So after a quick breakfast at a humble cafe, we started moving again. Today, we had an important appointment, a casual meet-up feigning to be a business one, with a good friend of mine who happens to be a Philippine official to Geneva. She was an indirect boss of mine at one of my first jobs. She was Marketing Manager there, the same level as my direct boss, who told me those words that would later on linger in my mind, actually up until now. Her advice?
“Joie, make things happen.”
I didn’t understand it then, I was only 20, fresh from college, and already in my second job, the first being in a call centre where I was kicked out because I couldn’t improve my AHT or average handling time. I thought I was supposed to help customers over the phone to fix their internet connection. I didn’t know I was supposed to end the call as soon as possible, whether or not I helped them.
Eight years in time, that failed first job does not matter now, although it did aid me fake an accent I never had before. Thanks to that job, I am often mistaken to have studied in the US, which I never did, but do wish I did. I’d like to believe I took my former boss’s advice to heart. The fact that I am in Europe makes me think that I probably learned how to make things happen. I hope she’s proud of me.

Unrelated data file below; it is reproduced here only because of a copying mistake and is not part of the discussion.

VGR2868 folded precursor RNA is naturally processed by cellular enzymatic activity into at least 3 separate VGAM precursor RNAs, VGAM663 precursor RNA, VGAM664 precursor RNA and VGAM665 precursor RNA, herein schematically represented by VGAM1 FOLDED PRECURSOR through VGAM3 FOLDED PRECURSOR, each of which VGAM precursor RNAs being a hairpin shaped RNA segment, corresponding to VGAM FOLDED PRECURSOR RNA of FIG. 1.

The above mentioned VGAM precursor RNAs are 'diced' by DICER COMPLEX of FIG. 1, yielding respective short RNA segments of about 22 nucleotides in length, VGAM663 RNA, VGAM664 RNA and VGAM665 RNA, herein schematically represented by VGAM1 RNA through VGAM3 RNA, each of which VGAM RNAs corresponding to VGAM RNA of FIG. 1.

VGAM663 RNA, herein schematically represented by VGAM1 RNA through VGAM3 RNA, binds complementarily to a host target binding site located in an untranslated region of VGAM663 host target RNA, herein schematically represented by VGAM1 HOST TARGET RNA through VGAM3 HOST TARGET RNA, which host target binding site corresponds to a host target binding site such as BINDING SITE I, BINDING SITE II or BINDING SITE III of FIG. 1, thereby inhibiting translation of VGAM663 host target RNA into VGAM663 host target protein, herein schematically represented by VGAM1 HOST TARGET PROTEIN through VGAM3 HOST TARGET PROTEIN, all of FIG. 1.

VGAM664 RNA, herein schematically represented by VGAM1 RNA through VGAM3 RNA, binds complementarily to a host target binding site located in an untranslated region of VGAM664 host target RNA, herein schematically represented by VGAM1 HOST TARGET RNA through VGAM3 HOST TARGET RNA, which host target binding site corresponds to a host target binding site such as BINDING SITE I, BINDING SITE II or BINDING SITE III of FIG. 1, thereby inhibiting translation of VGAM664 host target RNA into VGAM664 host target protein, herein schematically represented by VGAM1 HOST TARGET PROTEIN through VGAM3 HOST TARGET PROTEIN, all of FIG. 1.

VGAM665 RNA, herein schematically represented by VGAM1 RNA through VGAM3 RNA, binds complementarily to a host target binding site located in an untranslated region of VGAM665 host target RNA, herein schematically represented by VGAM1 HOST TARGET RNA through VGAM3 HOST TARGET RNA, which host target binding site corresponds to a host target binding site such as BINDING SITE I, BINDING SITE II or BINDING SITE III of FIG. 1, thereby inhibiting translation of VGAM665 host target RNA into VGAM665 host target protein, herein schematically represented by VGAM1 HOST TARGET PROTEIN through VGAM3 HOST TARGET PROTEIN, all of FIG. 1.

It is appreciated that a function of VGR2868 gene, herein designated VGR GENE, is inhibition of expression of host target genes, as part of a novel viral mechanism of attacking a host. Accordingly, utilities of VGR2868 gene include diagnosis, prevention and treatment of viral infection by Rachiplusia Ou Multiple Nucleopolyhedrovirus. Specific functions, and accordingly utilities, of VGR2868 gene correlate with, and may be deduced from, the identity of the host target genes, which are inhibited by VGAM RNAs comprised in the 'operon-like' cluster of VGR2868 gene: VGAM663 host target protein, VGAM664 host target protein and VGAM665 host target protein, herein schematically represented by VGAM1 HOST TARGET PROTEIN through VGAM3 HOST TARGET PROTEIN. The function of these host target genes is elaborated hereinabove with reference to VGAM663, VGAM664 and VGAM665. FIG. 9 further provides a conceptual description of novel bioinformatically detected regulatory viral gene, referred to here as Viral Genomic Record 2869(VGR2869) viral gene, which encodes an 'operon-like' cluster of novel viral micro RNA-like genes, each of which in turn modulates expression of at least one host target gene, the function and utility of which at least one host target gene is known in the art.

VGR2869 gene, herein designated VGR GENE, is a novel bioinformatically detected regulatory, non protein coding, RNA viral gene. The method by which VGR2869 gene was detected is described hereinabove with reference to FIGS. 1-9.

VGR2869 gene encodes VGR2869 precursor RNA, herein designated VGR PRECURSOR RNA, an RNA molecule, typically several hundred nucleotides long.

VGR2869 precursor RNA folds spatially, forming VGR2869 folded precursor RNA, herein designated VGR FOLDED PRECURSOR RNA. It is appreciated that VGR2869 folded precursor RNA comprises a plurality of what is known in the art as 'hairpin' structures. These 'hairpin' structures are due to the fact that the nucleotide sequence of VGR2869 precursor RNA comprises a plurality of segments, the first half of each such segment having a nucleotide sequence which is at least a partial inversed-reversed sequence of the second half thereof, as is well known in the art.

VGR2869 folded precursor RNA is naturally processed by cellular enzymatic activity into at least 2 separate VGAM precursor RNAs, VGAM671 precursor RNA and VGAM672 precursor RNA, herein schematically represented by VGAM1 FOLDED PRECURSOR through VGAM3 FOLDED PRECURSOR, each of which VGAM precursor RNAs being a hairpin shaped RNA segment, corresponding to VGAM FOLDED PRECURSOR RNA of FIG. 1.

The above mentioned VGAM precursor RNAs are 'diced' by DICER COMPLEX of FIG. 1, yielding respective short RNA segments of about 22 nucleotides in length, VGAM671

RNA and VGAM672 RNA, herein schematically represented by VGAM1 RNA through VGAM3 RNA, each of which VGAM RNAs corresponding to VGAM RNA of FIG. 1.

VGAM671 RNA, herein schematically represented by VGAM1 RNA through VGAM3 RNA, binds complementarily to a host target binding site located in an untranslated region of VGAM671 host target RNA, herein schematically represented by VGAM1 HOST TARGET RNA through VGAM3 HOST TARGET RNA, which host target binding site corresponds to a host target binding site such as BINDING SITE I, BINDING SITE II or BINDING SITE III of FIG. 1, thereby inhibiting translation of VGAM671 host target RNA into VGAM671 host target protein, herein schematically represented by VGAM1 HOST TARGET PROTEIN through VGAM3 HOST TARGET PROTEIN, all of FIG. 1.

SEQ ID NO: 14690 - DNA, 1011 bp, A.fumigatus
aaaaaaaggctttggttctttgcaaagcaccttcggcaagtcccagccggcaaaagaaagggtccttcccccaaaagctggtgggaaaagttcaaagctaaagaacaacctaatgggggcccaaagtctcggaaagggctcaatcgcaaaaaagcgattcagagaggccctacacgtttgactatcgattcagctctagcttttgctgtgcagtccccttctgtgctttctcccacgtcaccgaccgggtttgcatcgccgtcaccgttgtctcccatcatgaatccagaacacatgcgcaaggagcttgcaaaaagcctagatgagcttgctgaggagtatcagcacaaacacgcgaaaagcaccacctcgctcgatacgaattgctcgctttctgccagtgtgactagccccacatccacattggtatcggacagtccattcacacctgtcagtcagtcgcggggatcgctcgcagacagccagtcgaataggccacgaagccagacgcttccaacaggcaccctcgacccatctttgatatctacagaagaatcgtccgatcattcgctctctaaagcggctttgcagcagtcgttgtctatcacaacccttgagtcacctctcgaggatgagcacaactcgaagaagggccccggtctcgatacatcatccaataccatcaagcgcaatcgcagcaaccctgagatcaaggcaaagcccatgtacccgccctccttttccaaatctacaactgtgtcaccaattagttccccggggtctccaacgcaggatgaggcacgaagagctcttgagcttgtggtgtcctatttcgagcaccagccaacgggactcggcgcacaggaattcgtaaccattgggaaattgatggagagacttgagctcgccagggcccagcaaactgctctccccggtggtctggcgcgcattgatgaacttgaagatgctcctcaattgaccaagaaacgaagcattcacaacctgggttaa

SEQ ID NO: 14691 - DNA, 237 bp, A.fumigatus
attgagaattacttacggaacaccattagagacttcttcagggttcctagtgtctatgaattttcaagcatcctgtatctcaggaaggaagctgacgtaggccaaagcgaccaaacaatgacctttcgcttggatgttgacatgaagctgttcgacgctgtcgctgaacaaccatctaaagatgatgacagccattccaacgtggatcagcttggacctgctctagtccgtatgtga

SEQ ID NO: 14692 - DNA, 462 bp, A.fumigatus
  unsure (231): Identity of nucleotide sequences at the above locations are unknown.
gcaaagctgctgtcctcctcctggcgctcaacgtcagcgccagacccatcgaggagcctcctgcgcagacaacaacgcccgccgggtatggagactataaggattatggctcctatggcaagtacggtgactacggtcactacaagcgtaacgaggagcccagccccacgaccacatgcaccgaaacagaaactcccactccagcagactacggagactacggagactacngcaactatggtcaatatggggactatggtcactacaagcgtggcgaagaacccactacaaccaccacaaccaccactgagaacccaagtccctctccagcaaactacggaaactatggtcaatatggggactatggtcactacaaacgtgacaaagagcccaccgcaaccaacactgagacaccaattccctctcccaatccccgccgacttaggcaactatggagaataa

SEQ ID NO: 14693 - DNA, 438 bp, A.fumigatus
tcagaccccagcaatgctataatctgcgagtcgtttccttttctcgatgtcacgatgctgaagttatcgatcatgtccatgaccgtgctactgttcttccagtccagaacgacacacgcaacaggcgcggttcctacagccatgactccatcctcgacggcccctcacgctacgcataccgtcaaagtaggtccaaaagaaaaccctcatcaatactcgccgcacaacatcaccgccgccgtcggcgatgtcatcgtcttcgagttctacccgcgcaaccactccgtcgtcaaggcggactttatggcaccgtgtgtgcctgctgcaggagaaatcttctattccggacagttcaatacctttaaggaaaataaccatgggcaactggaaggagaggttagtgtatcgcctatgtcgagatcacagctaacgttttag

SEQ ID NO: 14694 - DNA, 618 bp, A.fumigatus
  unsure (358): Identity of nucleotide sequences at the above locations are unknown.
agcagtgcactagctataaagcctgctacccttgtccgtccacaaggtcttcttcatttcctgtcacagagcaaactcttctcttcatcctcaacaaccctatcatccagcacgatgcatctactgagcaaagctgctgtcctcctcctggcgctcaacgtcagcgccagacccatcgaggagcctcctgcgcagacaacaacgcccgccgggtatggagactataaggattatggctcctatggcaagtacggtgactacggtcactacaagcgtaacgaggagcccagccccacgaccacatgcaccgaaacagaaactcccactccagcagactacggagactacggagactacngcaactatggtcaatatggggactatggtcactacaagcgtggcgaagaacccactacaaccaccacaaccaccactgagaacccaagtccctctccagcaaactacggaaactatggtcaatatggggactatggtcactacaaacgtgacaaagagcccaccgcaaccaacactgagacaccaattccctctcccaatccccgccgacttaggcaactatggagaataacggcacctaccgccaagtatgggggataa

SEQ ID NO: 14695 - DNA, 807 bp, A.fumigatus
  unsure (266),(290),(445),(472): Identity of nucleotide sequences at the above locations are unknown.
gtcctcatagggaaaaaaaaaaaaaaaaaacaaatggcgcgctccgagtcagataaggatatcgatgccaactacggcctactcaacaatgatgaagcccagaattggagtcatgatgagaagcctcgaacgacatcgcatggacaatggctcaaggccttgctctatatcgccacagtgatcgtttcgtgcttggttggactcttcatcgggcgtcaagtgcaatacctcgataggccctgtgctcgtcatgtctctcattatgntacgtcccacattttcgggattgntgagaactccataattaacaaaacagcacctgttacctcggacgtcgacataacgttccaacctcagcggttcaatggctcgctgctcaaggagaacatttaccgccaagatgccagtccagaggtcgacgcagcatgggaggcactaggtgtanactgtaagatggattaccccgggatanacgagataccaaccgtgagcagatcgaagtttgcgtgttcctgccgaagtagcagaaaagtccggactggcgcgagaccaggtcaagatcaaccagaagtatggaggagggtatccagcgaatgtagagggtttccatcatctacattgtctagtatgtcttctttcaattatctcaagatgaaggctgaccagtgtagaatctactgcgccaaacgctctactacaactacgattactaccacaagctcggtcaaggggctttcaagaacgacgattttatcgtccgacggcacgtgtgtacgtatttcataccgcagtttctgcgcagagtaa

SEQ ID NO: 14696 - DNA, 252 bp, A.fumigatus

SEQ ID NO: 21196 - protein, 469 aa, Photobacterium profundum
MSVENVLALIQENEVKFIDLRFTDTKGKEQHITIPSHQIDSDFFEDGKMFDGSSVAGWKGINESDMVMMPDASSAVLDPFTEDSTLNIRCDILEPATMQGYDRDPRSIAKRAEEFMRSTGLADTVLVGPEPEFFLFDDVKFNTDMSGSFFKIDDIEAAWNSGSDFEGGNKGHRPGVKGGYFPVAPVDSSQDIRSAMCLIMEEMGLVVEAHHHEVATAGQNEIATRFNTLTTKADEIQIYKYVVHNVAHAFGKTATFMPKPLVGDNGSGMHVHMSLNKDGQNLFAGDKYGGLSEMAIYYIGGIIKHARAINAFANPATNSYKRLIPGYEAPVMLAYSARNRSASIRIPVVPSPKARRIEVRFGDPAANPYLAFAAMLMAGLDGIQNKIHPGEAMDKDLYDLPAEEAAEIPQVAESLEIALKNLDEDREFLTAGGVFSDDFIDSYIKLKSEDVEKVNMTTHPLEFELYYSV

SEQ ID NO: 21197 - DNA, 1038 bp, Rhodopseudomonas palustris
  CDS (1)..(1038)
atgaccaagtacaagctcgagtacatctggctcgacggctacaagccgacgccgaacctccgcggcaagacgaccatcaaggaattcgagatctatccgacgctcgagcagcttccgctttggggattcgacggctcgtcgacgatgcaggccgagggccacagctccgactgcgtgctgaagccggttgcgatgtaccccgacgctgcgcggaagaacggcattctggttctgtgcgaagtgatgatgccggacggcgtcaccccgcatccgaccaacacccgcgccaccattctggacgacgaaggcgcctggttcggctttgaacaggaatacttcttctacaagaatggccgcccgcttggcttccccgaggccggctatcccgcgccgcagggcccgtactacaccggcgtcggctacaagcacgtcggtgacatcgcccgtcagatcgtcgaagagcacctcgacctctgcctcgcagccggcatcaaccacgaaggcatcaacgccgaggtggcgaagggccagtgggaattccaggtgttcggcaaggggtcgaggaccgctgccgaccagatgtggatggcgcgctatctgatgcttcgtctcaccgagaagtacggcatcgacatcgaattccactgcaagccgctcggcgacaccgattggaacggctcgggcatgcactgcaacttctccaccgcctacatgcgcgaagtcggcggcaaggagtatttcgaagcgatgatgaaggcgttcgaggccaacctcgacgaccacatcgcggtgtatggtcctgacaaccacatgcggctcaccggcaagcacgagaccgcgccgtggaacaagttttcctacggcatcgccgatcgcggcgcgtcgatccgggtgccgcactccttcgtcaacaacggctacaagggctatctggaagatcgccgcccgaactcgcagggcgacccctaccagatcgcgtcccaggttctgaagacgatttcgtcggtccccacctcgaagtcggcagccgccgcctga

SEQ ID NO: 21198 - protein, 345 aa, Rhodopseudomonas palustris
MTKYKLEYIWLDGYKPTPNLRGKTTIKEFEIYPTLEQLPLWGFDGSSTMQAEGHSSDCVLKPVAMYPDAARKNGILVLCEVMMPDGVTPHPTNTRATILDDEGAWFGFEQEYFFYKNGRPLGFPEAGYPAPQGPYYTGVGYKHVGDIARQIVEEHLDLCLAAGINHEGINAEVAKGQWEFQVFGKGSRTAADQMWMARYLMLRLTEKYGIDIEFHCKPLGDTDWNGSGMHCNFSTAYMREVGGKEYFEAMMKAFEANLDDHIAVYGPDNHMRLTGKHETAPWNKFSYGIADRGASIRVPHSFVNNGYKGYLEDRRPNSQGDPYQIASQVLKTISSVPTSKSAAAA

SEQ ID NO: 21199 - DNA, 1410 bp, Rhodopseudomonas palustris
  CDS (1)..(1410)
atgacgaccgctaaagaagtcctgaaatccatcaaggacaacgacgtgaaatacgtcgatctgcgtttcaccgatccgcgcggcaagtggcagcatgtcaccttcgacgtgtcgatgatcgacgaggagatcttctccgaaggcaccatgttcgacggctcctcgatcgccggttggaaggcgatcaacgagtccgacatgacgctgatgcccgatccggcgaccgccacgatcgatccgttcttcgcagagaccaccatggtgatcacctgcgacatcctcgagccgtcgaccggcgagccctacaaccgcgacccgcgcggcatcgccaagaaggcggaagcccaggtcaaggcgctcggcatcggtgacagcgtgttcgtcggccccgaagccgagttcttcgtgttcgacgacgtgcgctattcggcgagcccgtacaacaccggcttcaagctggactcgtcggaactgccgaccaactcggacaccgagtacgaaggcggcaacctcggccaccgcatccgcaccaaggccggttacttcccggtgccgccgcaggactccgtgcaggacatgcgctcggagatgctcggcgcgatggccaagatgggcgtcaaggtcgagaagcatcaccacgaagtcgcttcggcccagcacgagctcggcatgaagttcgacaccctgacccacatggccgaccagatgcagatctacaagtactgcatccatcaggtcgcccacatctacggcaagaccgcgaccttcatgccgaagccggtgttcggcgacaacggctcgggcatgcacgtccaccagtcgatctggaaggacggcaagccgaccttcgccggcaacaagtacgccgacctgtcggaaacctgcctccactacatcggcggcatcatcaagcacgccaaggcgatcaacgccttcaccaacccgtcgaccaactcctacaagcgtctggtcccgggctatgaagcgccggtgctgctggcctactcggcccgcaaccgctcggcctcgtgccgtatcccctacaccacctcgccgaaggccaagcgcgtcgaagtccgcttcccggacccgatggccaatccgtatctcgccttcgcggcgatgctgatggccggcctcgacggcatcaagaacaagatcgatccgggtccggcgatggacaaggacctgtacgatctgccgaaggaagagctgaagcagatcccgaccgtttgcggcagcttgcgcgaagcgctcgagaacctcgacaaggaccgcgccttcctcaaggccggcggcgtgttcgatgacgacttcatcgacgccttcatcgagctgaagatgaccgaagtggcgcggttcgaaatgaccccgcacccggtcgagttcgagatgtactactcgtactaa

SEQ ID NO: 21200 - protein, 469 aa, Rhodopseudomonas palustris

So yeah, we made it to my friend’s house place in Geneva. We were served rice (oh how we missed it!) and Filipino dishes like Sinigang na hipon, Lechon kawali, Kaldereta, and Leche flan and cakes for dessert. That was her first deployment as Commercial Attaché. Her only son and parents joined her, being without a husband who passed on very early in their marriage. We learned how her son, now in secondary school, is coping with the culture and the French language in school.
I thought moving to Geneva for that job deployment was a milestone in their lives, but a relative one to each of them — to my friend, a widow 10 years my senior; to her son who had to leave his friends behind in Manila; and to her parents, retired and settling in a foreign place probably for the first time.
We were there only for lunch, passing through only from Switzerland to France, our next country in the itinerary. We were accommodated the Filipino way however briefly. I could tell they were pleased, more than bothered or hassled, to have had kababayans visit them. I hope they were delighted as we were.
There was so much to write about Paris…
… and so little too.
Much of what we know — the Sacred Heart cathedral, the Notre Dame, the Eiffel Tower, the Arc de Triomphe, the Obelisk, all other famous tourist spots, ones that one is obliged to see, we saw. If anything, I thought it was overrated. Some streets stank.
That is such a negative lead paragraph.
I liked the lit Eiffel Tower though — we found a spot, supposedly only so we could park the van, but from that corner in the road, we had a full view of the tower, one that we marvelled at. We helped ourselves with taking endless photos of the tower with ourselves, individually and as group, as the foreground, wondering “Is this actually the Eiffel Tower?”